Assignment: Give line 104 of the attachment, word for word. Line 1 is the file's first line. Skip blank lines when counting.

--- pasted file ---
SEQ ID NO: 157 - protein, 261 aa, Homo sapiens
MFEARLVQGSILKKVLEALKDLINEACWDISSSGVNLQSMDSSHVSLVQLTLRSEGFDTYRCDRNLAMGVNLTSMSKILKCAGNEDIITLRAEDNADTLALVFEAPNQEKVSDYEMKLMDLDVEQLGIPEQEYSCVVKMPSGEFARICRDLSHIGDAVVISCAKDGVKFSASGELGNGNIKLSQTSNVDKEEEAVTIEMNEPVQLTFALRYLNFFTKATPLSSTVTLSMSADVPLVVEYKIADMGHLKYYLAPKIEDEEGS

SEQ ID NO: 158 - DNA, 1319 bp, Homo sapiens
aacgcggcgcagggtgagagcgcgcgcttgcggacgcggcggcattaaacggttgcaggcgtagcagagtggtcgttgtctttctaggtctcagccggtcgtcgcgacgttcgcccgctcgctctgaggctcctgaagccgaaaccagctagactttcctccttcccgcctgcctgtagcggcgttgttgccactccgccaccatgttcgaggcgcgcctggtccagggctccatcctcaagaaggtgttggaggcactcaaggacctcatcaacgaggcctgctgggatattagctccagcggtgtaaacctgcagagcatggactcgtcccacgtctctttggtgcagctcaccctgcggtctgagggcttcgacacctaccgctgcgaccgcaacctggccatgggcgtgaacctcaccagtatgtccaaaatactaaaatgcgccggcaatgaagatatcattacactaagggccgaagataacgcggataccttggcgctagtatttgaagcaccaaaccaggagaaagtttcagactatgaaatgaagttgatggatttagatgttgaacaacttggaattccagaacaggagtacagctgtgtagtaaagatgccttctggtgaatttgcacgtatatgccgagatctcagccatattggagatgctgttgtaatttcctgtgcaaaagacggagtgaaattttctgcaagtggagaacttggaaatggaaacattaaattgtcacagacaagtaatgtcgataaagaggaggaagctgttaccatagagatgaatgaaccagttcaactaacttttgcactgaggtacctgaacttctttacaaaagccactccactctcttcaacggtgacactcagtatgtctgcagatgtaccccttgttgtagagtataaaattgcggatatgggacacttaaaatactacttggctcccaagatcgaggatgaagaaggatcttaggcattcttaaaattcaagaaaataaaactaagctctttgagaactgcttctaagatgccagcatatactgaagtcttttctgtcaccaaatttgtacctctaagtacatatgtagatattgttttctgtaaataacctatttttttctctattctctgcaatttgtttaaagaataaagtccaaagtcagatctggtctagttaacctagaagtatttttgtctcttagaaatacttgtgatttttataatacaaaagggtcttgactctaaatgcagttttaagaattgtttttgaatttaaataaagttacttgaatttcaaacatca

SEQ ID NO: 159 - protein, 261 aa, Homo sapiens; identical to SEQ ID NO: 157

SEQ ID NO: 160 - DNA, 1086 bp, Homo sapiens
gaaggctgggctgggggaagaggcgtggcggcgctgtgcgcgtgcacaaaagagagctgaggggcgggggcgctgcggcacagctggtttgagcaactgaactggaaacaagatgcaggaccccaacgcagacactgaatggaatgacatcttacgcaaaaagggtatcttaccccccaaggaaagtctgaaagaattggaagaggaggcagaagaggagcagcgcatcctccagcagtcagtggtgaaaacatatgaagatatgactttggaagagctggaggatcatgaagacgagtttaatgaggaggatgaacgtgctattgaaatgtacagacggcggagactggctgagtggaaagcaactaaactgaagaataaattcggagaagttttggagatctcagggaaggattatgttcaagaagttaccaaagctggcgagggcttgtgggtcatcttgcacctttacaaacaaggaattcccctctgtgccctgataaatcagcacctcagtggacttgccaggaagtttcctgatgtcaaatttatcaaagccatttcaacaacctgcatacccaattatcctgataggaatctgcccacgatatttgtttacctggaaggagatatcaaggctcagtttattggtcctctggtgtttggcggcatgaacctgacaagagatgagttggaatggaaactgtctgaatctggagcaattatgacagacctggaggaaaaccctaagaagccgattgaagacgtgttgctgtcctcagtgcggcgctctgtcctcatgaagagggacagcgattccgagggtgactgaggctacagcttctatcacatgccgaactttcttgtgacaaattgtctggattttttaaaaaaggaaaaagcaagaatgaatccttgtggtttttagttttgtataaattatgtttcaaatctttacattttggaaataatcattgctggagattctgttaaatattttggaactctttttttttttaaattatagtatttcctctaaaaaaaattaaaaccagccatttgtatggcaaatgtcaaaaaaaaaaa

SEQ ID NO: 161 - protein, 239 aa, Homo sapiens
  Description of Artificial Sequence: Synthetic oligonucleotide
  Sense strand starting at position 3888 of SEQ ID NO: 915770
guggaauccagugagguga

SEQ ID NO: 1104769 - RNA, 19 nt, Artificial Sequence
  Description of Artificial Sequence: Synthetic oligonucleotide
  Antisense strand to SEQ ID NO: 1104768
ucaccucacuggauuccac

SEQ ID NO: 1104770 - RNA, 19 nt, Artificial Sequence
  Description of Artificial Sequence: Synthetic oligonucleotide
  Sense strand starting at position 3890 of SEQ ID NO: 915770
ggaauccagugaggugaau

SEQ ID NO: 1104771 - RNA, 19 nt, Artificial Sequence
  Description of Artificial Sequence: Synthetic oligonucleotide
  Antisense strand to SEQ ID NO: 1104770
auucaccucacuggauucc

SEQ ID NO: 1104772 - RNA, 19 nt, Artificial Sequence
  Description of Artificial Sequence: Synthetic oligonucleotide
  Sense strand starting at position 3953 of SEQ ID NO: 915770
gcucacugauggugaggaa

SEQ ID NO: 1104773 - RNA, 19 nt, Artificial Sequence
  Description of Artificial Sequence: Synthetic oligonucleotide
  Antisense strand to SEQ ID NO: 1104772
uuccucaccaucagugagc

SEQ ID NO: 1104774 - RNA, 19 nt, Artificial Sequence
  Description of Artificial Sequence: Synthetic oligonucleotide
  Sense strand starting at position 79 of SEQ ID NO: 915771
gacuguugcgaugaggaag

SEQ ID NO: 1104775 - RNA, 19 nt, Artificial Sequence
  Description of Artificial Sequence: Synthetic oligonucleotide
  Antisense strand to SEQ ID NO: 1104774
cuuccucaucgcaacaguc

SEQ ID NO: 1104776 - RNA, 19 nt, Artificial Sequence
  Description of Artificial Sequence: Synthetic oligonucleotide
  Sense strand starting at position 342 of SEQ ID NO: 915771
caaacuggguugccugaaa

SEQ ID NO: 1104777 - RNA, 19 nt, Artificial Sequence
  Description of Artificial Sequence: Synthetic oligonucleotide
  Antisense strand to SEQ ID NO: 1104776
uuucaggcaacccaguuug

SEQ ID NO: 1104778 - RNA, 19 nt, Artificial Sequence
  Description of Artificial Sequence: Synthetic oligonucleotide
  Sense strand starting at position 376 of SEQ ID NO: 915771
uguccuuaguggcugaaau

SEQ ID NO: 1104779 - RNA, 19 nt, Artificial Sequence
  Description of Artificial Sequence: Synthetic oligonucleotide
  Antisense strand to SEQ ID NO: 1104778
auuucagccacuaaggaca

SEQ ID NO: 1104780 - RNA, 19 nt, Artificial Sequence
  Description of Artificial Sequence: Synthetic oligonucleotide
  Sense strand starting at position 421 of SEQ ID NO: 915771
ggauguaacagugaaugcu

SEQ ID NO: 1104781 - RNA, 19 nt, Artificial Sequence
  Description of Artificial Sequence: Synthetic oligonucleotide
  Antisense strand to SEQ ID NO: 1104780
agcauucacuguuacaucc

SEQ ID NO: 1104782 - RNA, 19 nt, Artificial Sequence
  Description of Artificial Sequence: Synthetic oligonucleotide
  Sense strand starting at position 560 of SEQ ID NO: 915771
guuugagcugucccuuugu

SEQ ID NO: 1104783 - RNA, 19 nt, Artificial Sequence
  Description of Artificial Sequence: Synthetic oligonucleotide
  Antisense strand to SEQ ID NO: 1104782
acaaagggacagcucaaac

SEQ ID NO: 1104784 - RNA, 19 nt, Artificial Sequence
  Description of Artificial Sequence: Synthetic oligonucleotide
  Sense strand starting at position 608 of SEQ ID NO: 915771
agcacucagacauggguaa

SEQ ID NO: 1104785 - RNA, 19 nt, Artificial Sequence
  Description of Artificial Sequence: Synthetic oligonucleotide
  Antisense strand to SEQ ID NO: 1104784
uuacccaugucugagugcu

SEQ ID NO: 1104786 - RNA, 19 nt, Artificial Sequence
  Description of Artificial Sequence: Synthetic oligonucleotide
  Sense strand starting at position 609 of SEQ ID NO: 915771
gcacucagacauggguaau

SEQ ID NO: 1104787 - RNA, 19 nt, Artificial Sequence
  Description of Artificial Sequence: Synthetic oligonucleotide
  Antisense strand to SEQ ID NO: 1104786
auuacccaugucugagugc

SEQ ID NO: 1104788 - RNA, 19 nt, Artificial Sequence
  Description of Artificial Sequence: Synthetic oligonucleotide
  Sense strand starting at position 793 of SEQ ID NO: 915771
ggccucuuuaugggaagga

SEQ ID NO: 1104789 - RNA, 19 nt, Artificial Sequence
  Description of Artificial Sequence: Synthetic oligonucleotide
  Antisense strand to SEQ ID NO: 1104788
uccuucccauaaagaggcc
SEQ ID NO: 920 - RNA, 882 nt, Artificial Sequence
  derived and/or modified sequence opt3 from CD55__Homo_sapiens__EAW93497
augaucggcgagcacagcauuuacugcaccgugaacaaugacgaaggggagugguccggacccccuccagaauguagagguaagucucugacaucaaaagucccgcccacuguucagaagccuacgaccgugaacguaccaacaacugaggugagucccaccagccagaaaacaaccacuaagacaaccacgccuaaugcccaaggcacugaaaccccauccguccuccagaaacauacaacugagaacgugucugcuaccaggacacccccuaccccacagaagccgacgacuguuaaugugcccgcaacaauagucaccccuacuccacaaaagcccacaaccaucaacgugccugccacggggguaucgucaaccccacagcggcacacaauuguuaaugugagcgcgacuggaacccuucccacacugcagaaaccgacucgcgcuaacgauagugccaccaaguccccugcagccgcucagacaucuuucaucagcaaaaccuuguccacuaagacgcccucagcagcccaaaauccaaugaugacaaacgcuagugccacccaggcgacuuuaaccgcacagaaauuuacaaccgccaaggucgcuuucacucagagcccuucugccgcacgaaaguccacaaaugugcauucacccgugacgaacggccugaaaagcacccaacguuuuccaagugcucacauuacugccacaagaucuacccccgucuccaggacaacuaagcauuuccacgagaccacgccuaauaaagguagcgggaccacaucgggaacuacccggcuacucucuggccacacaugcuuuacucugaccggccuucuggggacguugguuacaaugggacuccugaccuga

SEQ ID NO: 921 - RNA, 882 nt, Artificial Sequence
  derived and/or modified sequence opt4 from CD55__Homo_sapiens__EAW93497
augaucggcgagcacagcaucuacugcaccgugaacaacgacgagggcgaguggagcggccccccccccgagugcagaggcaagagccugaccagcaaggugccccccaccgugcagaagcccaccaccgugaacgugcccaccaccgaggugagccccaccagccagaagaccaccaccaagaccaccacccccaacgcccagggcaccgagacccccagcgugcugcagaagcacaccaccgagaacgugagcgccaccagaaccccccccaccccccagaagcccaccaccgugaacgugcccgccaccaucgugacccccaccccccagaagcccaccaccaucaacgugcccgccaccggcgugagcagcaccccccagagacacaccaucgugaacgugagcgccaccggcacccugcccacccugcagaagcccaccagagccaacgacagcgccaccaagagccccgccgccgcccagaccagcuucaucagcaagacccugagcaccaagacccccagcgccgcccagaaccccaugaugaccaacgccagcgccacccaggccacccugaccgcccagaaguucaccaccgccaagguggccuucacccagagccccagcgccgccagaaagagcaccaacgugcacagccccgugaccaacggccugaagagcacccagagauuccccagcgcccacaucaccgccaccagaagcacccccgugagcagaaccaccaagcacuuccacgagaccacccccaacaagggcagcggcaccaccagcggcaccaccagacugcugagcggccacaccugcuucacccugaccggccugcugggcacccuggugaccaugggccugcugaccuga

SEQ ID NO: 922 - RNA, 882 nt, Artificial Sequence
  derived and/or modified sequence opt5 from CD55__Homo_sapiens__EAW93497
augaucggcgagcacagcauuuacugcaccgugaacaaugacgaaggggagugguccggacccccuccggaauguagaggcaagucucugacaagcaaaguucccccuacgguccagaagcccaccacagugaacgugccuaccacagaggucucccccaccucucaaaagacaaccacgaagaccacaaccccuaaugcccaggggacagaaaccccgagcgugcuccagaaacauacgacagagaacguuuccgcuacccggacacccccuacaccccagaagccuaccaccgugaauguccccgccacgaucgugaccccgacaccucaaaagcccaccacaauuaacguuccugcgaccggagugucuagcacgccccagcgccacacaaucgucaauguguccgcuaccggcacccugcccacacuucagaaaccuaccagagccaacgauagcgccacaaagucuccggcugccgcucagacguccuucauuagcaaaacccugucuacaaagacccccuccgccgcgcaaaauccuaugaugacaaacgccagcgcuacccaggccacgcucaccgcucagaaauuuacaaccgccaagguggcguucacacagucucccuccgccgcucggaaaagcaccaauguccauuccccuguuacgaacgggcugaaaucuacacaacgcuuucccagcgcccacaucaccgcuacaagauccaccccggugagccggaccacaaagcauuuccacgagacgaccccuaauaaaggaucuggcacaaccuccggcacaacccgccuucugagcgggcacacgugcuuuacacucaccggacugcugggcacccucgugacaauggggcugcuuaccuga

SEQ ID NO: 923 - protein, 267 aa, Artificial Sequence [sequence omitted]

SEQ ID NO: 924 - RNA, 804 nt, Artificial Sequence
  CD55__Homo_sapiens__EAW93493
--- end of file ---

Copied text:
augaucggcgagcacagcauuuacugcaccgugaacaaugacgaaggggagugguccggacccccuccggaauguagaggcaagucucugacaagcaaaguucccccuacgguccagaagcccaccacagugaacgugccuaccacagaggucucccccaccucucaaaagacaaccacgaagaccacaaccccuaaugcccaggggacagaaaccccgagcgugcuccagaaacauacgacagagaacguuuccgcuacccggacacccccuacaccccagaagccuaccaccgugaauguccccgccacgaucgugaccccgacaccucaaaagcccaccacaauuaacguuccugcgaccggagugucuagcacgccccagcgccacacaaucgucaauguguccgcuaccggcacccugcccacacuucagaaaccuaccagagccaacgauagcgccacaaagucuccggcugccgcucagacguccuucauuagcaaaacccugucuacaaagacccccuccgccgcgcaaaauccuaugaugacaaacgccagcgcuacccaggccacgcucaccgcucagaaauuuacaaccgccaagguggcguucacacagucucccuccgccgcucggaaaagcaccaauguccauuccccuguuacgaacgggcugaaaucuacacaacgcuuucccagcgcccacaucaccgcuacaagauccaccccggugagccggaccacaaagcauuuccacgagacgaccccuaauaaaggaucuggcacaaccuccggcacaacccgccuucugagcgggcacacgugcuuuacacucaccggacugcugggcacccucgugacaauggggcugcuuaccuga